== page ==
Lays from the West
M. A. Nicholl

Part 1 out of 3

This eBook was produced by Sergio Cangiano, Juliet Sutherland,
Charles Franks and the Online Distributed Proofreading Team.




Then the spirit reached her fingers,
Taper things of rosy snow,
Took my songs, and as she took them,
"Tiny germs," she whispered "go!
Root among the coming hours,
Seeds are ye of many flowers,
Which from out the winds will grow!"

* * * * *







* * * * *


"I'll not forget Old Ireland, were it fifty times as fair."

In myriads o'er the prairie
Bright flowers bloom strangely fair,
There's beauty in the clear blue sky,
There's sweetness in the air;
And loveliness, with lavish hand,
Decks dell and dingle gay;
Yet still I love my native land--
The Green Isle, far away.

The poplar quivers in the breeze,
And by the blue lake's side.
The regal iris, tall and fair,
Blooms in her native pride;
But I dream of the broad beeches' shade
In glens beside Lough Neagh
And my longing thoughts go back to thee,
O, Green Isle, far away!

Strange birds, in painted plumage gay,
In hundreds haunt the grove;
O'er marsh and moor, the loon and heron,
The coot and plover rove;
But I miss the lark's glad matin song,
And the thrush and blackbird's lay,
The summer songsters, sweet and wild,
In the Green Isle, far away.
Along the blue horizon line
The "bluffs" rise 'gainst the sky,
But in dreams I see Old Erin's coast--
Her mountains wild and high
Slieve Gallon, with his hoary head
Gold-crowned at close of day,
When sunset lights the grand old hills
In the Green Isle, far away.

There's beauty in the woodland wilds
With their varied foliage fair,
But, cowering from the light of day,
The grim wolf shelters there.
Ah! dear old woods, where I have roamed
At eve of summer day,
No hidden dangers haunt your glades,
In the Green Isle, far away.

The clear Assiniboine winds free
Through many a fertile vale;
The antlered deer and graceful hind
Bound o'er the wooded dale;
But I miss the quiet rural scenes--
The farm-house, thatched and grey,
That memory fondly pictures now
Of the Green Isle, far away.

The Sabbath morn its holy calm
Breathes o'er the prairie lands,
And the answering heart hears Nature's psalm
And the wild woods clap their hands.
But I long to hear the church bell's sound
Tell to these wilds that day,
When thousands meet to praise and pray
In the Green Isle far away.

Here life lays hold of brighter things
For the fair years to be,
But the deathless Past and all her dreams,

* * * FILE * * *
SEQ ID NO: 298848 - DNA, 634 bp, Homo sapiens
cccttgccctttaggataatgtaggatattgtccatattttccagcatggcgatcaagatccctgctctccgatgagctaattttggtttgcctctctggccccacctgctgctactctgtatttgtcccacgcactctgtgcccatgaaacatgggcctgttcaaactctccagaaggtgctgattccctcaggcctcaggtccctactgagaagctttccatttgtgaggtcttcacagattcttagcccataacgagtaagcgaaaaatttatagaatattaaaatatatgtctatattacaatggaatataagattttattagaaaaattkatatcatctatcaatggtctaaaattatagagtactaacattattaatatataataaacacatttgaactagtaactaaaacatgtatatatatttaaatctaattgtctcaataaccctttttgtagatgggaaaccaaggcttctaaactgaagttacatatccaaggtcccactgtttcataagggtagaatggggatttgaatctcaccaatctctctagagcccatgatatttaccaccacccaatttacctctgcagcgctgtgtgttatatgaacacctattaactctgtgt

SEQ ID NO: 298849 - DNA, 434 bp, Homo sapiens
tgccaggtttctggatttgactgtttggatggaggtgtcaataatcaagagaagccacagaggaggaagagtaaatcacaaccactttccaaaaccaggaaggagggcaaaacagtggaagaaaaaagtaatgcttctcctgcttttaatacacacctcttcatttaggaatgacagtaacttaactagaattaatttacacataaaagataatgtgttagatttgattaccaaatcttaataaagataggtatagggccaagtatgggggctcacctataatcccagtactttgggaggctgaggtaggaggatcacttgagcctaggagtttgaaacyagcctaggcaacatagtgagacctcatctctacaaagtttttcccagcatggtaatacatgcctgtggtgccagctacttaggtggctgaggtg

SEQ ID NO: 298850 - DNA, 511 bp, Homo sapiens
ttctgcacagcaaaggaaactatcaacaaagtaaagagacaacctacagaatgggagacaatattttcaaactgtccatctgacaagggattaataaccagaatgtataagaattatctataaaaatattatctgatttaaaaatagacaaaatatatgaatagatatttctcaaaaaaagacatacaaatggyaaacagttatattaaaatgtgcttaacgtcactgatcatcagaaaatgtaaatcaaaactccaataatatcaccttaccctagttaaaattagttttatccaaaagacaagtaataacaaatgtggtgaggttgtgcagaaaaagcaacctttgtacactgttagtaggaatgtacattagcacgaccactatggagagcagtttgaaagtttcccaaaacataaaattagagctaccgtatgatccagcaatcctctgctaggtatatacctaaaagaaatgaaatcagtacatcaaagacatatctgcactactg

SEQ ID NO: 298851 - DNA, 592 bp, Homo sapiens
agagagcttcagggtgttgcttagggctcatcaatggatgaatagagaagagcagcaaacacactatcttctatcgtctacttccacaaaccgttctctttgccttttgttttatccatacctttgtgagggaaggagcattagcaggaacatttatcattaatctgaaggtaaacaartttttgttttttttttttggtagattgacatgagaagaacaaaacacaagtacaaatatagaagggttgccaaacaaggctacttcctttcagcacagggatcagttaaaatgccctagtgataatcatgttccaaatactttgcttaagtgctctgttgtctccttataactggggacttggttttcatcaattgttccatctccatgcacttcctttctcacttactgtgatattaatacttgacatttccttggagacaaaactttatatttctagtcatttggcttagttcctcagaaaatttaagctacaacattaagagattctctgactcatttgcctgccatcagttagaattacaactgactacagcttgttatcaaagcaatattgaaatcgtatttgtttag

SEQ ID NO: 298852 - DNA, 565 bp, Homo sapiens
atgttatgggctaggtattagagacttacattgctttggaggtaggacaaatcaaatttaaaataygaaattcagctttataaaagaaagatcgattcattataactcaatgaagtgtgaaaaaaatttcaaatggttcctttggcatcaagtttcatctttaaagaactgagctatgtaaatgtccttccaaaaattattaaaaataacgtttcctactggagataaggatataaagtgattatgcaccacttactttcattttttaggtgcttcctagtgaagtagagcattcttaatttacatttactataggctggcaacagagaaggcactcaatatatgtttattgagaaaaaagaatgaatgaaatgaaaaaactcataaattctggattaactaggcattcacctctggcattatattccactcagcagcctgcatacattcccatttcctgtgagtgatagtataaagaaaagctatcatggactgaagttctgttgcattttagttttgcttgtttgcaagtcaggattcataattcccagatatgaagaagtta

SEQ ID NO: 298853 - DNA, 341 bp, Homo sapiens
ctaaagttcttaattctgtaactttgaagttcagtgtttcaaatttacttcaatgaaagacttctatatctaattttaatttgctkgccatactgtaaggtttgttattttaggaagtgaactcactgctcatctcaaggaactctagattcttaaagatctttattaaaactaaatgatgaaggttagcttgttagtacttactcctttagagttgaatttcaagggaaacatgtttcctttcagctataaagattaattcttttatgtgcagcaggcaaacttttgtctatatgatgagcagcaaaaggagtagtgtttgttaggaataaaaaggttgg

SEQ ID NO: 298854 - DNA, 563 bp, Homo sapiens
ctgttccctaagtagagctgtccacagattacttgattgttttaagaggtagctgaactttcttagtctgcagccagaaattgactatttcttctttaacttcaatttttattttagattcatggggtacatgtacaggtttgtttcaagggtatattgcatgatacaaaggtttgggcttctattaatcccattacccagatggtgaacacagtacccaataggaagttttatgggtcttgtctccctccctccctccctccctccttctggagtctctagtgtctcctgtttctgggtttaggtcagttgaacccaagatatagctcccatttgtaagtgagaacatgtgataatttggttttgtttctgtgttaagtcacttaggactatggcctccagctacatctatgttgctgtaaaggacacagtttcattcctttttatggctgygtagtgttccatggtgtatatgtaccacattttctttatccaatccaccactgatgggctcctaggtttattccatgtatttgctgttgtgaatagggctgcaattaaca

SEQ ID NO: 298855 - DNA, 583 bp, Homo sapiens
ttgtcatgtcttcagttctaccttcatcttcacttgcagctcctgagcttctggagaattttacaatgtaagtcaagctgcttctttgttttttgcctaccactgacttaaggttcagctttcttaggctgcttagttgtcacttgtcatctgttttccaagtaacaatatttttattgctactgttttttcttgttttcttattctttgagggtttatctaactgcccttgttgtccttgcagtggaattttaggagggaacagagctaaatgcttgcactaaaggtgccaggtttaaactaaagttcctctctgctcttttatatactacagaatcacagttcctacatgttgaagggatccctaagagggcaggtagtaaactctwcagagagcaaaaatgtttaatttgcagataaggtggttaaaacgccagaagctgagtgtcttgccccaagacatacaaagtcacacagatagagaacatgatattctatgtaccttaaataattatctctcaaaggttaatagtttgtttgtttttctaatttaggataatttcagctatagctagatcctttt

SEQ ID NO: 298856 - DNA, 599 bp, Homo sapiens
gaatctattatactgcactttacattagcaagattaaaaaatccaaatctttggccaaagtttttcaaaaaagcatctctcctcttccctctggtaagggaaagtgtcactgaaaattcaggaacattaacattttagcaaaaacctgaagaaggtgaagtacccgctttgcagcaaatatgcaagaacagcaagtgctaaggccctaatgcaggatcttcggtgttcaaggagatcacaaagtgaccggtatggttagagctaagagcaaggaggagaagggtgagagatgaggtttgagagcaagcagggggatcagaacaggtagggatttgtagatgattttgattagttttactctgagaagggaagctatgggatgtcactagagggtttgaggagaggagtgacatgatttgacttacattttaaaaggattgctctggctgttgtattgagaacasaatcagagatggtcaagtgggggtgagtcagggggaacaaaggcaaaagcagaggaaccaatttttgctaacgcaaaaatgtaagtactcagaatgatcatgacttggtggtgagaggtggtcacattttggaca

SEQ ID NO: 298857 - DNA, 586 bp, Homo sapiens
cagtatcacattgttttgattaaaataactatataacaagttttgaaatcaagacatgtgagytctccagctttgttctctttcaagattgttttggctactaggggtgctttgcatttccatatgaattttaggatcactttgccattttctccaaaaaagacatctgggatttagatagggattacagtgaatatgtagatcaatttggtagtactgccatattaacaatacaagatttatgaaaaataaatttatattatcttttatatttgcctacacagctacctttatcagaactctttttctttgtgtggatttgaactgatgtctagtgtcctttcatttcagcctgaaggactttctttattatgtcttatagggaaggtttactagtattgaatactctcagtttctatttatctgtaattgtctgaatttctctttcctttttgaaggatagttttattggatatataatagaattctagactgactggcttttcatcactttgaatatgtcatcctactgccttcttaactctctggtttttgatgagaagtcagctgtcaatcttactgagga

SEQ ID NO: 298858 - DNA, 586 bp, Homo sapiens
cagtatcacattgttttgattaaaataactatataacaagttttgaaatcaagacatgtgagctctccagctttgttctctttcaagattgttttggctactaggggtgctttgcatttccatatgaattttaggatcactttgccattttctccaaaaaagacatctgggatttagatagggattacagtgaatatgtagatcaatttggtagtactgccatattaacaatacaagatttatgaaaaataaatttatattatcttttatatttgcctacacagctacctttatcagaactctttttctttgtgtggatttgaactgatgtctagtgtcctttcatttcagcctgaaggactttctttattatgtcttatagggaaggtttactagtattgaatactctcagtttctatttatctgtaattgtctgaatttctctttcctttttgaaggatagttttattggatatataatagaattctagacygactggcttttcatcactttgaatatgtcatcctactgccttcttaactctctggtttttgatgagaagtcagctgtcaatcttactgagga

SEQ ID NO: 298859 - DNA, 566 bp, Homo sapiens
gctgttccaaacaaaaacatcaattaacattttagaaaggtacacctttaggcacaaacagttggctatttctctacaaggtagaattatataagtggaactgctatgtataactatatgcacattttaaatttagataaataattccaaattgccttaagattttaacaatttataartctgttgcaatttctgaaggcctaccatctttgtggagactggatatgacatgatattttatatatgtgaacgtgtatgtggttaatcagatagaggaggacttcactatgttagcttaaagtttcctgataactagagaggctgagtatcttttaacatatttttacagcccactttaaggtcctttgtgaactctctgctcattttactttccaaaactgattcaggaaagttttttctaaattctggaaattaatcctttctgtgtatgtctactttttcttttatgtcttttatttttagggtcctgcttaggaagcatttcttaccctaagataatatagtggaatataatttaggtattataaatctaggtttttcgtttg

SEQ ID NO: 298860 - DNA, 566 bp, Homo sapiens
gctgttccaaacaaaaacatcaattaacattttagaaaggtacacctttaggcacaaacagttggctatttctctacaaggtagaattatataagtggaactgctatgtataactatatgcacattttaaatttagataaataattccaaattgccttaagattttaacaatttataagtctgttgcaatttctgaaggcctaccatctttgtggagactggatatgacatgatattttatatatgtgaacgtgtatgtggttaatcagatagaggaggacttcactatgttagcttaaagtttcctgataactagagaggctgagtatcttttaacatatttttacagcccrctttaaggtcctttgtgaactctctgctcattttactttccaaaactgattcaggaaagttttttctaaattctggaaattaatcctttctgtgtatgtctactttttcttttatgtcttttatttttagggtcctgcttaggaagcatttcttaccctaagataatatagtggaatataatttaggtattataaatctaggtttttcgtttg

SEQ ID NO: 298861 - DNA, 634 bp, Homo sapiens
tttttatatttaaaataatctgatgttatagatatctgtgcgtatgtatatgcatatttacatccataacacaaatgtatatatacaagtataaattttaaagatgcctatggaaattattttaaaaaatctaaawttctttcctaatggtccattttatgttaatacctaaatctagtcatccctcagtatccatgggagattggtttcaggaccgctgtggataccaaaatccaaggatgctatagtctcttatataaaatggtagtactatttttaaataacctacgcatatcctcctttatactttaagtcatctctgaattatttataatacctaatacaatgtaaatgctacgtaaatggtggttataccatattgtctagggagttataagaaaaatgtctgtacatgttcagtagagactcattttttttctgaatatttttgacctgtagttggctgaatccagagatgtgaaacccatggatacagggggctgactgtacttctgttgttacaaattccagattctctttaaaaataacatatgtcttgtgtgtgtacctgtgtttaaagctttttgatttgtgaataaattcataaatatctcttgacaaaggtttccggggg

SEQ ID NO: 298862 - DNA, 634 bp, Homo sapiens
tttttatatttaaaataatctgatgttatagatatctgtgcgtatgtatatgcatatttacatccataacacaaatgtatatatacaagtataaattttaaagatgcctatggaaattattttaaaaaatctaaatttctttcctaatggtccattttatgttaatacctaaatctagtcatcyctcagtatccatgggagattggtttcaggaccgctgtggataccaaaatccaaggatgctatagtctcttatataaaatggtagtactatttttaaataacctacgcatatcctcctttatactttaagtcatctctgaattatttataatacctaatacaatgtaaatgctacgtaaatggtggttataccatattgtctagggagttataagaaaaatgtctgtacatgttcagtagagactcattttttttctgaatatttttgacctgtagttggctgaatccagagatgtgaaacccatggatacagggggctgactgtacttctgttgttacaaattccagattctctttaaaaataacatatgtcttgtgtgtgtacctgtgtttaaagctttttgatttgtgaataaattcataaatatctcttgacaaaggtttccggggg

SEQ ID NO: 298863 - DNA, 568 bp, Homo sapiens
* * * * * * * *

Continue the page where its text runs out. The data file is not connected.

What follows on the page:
Old land, belong to thee!
The buried love, the buried hope
Of youth's glad summer day,
That blend with unforgotten scenes
Of the Green Isle, far away.

And while we love this pleasant land
And own it good and fair,
Our hearts' first love goes backward
And fondly lingers there--
Back to the dear home country,
Then forward to that day
When all shall meet together,
From the Green Isle pass'd away.


"In the gloaming Oh, my darling."

Oh! green-bosomed Isle, as the summer day's gloaming,
Lies dreamy and dun on the prairie's wild breast
There my worn, wayward heart o'er the wild waves is roaming
Far, far to the scenes that are dearest and best.

As by bluff and by woodland, by swamp and by meadow,
The gloom gathers round in its dim, mystic pall,
Then my fancies come forth, spirit-children of shadow,
Slow gliding from haunts where the lone night-birds call.

When the wind, ardent lover, in songful caressing,
Speaks low to the grasses that bend to his breath,
And the dew woos the rose with the balm of its blessing
And steals it with love from the shadow of death.

Then I seek the wild glen, when the new moon is beaming
All weirdly and wan, through a cloud's fleecy haze,
'Till I stand, young and free, in the land of my dreaming,
Clasping hands with the phantoms of happier days.

And then, oh! mavourneen, in grey distance flying
The present, the real, grows dimmer, and dies,
See but the moonbeams, but hear the winds sighing,
And bask, fancy bound, in the light of your eyes.

My own! though the years in the gloom of their sadness
Stand, frowning, 'tween me and the light of my star,
And memory can feel the wild might of loves madness,
Or scoff as rude Time its first sweetness would mar.

Again, by the banks where Moyola is flowing
We stray as the moonbeams smile sweet through the dell

Unheeded the moments, unmarked in their going,
Nor dreamed we of woe in the sound of "farewell."

Is it lost--all the light of the fair morning vision?
Is spirit to spirit unanswering, cold?
No, it never shall die, while in memory's Elysian